I am currently stuck in first draft hell, so I’ve been thinking a lot about my process lately.
I can’t stress enough how very, very (VERY, VERY, VERY, VERY, VERY) idiosyncratic the writing process is. Not only does everyone have their own way of getting from that initial messy sentence of a first draft to the shiny, polished, sparkling THE END of the final version, but even people who seem to have the same process on the surface usually have wildly different ways of accomplishing each step of that process. There are, at least in my opinion, no right or wrong ways to approach writing. I’m even wary of “best practices” because everyone’s brain works so differently. To me, the only time you’re getting your process wrong is if whatever you’re doing stops you from writing (and I mean “writing” pretty loosely here, because you can be writing without producing actual words. As long as you’re advancing your story in some way, you’re writing).
But even knowing that no one’s process will ever be my process, I love reading about how other people write. It confirms my conviction that we all write differently, and even if no one’s process is exactly mine, I’ve picked up so many great strategies and tips from other writers. (Most recently, one of my CPs has introduced me to colored index cards for revisions and it has revolutionized my first revision process.)
So, since I’m thinking about my own process anyway, I figured I’d jot those thoughts down here, in case what I do might help someone else with what they do.
There are pretty distinct steps to my writing so I’ve decided I’ll tackle each one in its own post, starting with the first draft, which I have affectionately titled the “pants” draft.
(SIDE NOTE: In case the word “pants” means nothing to you in this particular context, writers often talk about “plotting” vs. “pantsing”—planning out a story before beginning to write vs. jumping in and…well….flying by the seat of your pants.)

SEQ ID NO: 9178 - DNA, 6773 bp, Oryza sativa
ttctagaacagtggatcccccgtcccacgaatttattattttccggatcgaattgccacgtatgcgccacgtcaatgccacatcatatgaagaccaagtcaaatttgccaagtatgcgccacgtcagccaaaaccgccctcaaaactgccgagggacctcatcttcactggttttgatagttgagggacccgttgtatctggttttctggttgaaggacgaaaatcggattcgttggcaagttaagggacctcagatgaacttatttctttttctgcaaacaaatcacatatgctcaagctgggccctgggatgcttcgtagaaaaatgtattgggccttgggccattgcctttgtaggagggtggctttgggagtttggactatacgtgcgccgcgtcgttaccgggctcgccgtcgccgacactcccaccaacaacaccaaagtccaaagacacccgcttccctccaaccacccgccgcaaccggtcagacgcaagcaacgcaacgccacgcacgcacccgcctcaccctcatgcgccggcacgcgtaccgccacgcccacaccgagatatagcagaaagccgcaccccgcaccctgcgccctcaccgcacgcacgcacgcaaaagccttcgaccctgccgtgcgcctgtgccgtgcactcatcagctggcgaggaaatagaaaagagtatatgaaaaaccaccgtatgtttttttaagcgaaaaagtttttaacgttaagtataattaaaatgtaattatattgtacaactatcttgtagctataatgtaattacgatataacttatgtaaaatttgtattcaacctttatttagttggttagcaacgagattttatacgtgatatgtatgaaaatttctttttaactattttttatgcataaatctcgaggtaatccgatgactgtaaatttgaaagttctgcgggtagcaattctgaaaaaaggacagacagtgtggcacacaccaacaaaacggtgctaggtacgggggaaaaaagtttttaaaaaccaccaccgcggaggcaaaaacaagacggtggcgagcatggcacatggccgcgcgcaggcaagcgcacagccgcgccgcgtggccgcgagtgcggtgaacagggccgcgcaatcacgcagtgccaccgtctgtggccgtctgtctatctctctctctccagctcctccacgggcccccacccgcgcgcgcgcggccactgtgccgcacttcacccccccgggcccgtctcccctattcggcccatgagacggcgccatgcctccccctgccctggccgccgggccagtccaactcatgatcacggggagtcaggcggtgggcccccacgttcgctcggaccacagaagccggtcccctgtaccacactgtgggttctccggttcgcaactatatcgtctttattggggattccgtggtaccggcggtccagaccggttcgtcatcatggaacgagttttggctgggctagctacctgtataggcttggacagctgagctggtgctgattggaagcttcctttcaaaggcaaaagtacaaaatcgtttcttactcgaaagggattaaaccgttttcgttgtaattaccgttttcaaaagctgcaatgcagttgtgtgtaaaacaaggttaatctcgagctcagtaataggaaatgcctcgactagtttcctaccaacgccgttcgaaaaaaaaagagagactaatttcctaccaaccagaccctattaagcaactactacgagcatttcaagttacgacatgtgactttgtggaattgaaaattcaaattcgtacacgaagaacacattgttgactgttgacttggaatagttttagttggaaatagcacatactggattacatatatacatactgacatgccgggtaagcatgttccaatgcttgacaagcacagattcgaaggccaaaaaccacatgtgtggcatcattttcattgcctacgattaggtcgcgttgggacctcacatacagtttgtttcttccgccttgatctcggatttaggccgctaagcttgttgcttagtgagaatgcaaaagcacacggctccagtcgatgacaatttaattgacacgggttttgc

I guess I should say upfront that I’m a reviser at heart. I get my writing joy from taking the seeds planted in first drafts and making them bloom. Developing a whole character out of one thing they said in passing in the first draft, building and connecting whole plotlines from scenes that may, while drafting, have seemed insignificant. It’s where my strengths lie too. My best writing happens in those second, third, fourth drafts.
Meanwhile, first drafts for me are a slow form of torture. They take forever (I think I’m going on a year with my current WIP), and are quagmires of bad wording, turtle-stuck-in-tar (i.e. SLLOOOWWWW) pacing, generic world building, and undeveloped/inconsistent characters. First drafting activates all my perfectionism, which makes me want to immediately go back and “fix” every page/paragraph/sentence/line/word that I write. I used to let myself do that. I don’t anymore.
For me, stories are puzzles. And the first draft is the outside of the puzzle. I have to have that border created before I can make sense of the middle. Drafting is dumping all the pieces out on the table and separating the edge pieces from the inside ones. Then putting those edges together. When I’m done, I still don’t have a perfect picture of the story, but I can see patterns, trajectories, places where things interlock. I can see, in other words, where the next piece goes.
It took me a lot (I mean, A LOT) of trial and error to find a drafting style that works for me. I attempted outlining first, but I found that once I had the whole story planned out, I had no interest in writing it. Even though none of the details were developed, it felt like I’d already told the parts of the story that mattered. But pure pants’ing, while enjoyable, caused too many false starts, as I inevitably wrote myself into useless corners, forcing me to begin again. Those drafts, when I finished them, would end up bloated monstrosities that I struggled to edit down to a recognizable narrative.
What I’ve learned is that my first drafts go most smoothly if my pants’ing comes with a side of plotting. “Plants’ing,” so to speak. I crave the discovery of the pants’ing first draft: sowing the seeds, uncovering the edge pieces. I’ve developed more of the magic system in my current WIP from writing the story than from all my hours conceptualizing and pre-writing. My characters tell me things about themselves in Chapter 15, Chapter 28, Chapter 35 and already I can see how working these new discoveries into Chapters 2, 3, 4 will blow open the story in fantastic ways.
But I need limits to my discovery. I want to play in a sandbox. A fenced-in backyard. Sow my seeds in a planter box. Start my puzzle on a narrow coffee table.